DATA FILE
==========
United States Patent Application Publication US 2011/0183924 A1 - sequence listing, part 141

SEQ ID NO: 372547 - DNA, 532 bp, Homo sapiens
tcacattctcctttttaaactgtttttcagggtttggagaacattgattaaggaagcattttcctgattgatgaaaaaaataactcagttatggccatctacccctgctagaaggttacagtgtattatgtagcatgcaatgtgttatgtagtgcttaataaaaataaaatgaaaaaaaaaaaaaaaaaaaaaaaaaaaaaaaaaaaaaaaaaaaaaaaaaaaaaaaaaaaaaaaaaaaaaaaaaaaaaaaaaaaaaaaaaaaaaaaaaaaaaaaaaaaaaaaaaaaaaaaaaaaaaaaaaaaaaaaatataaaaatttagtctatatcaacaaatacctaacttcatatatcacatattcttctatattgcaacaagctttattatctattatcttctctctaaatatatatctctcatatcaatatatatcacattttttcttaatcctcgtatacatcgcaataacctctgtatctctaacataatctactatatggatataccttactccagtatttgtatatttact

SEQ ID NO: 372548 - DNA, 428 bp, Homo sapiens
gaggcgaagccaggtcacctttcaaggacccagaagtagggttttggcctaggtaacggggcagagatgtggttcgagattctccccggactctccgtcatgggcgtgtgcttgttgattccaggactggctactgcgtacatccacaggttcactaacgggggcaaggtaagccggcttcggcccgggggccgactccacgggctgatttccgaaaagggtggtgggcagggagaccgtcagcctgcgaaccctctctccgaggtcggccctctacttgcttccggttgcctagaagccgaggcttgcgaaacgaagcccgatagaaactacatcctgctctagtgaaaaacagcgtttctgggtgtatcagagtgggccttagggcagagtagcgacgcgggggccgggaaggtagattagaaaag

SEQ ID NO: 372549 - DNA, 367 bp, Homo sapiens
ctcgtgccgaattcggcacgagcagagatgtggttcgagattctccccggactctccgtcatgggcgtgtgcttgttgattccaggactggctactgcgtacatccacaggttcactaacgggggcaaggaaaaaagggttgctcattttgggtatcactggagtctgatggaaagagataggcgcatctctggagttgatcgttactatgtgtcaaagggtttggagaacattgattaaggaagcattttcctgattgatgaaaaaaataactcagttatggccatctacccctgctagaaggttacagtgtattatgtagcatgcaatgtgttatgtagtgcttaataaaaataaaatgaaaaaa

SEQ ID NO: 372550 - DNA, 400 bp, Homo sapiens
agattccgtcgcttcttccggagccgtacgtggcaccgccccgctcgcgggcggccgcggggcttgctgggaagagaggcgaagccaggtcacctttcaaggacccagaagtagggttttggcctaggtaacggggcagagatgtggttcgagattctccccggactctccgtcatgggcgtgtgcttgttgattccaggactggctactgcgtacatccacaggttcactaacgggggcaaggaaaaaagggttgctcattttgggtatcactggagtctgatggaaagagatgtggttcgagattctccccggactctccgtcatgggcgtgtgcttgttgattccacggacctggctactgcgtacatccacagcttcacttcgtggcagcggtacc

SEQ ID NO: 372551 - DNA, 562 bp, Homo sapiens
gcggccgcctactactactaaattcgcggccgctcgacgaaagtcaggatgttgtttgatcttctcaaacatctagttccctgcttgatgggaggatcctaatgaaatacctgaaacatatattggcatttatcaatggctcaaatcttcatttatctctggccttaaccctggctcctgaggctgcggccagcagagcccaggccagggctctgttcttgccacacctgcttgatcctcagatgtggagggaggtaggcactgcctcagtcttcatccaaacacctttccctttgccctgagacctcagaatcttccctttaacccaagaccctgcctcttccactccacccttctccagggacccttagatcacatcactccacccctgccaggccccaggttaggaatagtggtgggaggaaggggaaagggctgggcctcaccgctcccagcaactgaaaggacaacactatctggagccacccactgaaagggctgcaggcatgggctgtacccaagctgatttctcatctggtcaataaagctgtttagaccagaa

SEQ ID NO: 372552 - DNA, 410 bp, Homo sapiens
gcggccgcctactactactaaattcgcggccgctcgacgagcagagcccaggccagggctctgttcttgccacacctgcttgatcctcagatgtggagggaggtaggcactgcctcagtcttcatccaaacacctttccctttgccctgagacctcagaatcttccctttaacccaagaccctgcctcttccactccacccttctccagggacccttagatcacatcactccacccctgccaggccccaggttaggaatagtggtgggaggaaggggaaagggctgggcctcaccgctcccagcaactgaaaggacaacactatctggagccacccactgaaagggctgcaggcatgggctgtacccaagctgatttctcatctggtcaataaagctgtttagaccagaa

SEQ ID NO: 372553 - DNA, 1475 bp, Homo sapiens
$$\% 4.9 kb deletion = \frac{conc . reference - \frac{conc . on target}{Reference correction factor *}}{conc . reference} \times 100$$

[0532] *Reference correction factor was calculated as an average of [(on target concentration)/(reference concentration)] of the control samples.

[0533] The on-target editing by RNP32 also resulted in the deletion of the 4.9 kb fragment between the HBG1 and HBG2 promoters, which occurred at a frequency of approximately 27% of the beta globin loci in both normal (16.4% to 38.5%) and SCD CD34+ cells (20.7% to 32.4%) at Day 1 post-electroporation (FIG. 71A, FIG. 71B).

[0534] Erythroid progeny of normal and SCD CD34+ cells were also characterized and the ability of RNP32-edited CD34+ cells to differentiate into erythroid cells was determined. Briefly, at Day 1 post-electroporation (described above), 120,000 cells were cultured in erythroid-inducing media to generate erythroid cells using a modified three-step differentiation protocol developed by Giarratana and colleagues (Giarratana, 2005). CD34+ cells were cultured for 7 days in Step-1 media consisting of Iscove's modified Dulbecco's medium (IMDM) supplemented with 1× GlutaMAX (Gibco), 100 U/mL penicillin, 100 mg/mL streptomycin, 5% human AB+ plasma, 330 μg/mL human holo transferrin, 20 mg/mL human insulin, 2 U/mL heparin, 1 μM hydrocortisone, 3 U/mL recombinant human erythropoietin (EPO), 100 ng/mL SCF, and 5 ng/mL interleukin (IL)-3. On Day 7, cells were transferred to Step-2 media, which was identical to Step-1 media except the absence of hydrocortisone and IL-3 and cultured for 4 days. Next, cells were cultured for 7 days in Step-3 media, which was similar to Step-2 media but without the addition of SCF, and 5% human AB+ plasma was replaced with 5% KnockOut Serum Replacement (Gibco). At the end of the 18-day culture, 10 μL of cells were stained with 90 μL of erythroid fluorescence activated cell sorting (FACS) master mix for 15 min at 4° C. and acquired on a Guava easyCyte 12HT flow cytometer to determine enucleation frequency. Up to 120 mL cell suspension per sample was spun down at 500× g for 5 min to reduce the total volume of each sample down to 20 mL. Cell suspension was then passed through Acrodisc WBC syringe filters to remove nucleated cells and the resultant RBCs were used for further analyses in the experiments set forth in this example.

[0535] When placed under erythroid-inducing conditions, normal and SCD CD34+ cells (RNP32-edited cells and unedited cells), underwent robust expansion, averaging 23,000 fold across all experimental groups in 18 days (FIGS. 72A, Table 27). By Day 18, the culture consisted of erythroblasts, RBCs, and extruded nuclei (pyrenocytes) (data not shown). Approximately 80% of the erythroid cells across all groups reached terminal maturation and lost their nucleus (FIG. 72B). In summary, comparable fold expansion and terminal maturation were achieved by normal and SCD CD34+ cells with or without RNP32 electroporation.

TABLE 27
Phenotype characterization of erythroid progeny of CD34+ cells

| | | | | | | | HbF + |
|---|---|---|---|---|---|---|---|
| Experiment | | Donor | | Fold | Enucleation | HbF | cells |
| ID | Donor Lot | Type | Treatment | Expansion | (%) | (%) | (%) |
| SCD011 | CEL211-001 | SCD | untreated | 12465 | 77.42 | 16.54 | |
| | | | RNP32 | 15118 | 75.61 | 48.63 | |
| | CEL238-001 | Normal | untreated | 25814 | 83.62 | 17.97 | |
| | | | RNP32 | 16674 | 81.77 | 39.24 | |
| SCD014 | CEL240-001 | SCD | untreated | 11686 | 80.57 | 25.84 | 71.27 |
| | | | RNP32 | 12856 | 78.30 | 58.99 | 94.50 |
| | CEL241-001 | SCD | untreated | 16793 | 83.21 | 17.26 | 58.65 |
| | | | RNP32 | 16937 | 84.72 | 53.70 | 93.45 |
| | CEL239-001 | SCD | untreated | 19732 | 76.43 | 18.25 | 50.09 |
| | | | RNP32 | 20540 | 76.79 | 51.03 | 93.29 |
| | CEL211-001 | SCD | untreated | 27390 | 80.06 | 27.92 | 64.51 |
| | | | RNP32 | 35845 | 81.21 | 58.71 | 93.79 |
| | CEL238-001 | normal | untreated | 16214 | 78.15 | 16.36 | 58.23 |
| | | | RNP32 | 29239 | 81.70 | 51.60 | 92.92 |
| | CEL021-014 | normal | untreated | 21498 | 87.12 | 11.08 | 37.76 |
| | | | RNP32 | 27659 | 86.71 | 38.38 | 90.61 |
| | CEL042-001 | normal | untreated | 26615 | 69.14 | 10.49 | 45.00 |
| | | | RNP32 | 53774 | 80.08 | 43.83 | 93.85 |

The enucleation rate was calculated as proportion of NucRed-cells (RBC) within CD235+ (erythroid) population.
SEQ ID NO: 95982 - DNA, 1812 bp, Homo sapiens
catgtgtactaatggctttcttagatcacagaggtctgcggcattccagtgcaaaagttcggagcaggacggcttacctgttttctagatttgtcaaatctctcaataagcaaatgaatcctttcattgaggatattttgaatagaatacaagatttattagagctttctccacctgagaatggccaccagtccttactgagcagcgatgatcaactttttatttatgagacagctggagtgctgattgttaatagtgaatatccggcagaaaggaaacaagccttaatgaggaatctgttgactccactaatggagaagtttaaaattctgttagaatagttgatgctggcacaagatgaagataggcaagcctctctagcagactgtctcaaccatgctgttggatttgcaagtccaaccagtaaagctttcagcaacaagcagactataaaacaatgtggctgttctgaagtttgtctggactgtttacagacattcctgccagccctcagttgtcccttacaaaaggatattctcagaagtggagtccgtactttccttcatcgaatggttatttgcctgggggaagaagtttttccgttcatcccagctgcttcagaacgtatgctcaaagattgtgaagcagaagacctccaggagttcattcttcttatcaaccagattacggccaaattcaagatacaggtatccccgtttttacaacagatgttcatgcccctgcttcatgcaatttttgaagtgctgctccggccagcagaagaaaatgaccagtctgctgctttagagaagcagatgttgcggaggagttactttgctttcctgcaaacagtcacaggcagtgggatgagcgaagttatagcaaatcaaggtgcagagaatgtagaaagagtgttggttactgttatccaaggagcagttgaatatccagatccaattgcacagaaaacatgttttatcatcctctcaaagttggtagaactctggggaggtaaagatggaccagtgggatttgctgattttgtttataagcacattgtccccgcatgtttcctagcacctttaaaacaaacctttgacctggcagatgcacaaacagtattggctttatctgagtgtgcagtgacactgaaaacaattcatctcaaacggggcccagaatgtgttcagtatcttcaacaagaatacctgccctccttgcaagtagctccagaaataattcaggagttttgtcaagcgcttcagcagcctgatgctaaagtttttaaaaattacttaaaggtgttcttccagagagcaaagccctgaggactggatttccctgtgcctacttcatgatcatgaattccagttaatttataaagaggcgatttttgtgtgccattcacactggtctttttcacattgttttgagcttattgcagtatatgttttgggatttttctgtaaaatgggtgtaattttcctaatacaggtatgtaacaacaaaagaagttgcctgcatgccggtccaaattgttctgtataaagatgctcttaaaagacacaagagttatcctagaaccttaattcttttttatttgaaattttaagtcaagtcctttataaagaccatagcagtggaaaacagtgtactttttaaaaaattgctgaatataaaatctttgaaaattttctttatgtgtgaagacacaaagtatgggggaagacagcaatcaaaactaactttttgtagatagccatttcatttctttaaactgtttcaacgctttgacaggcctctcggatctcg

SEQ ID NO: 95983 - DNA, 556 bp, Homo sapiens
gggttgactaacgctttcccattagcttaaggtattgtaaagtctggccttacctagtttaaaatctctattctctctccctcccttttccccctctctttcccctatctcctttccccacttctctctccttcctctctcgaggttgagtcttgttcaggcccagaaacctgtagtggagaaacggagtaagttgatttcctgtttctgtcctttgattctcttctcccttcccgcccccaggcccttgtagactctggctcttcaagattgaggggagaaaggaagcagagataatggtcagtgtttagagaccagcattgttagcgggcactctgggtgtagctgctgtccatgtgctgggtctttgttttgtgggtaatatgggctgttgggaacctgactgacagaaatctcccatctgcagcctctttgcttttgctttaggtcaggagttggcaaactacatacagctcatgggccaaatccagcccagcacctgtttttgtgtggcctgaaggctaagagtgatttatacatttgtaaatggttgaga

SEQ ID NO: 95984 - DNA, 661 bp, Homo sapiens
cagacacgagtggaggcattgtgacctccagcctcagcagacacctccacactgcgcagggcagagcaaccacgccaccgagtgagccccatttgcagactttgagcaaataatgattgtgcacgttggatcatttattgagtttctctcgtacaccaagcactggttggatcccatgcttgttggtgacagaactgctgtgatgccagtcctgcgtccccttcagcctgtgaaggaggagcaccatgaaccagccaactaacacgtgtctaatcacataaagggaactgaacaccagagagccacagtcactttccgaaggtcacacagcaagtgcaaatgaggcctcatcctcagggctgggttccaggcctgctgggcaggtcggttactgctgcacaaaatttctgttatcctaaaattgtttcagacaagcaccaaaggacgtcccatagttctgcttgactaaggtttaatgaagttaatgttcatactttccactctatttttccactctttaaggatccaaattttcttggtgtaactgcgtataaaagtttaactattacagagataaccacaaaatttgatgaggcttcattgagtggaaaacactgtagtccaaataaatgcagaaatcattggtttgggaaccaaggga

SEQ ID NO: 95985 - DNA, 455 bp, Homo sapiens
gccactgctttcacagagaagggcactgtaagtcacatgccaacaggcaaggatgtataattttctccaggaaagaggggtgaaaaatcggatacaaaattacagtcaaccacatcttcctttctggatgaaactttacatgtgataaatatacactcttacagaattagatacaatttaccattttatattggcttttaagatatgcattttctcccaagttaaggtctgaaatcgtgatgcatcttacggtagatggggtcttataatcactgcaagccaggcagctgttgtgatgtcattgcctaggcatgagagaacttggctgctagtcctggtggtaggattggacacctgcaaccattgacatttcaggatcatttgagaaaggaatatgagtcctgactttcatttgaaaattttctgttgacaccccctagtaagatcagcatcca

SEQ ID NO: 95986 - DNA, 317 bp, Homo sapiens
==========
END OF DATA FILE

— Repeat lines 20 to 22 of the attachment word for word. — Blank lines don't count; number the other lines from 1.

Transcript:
TABLE 27
Phenotype characterization of erythroid progeny of CD34+ cells

| | | | | | | | HbF + |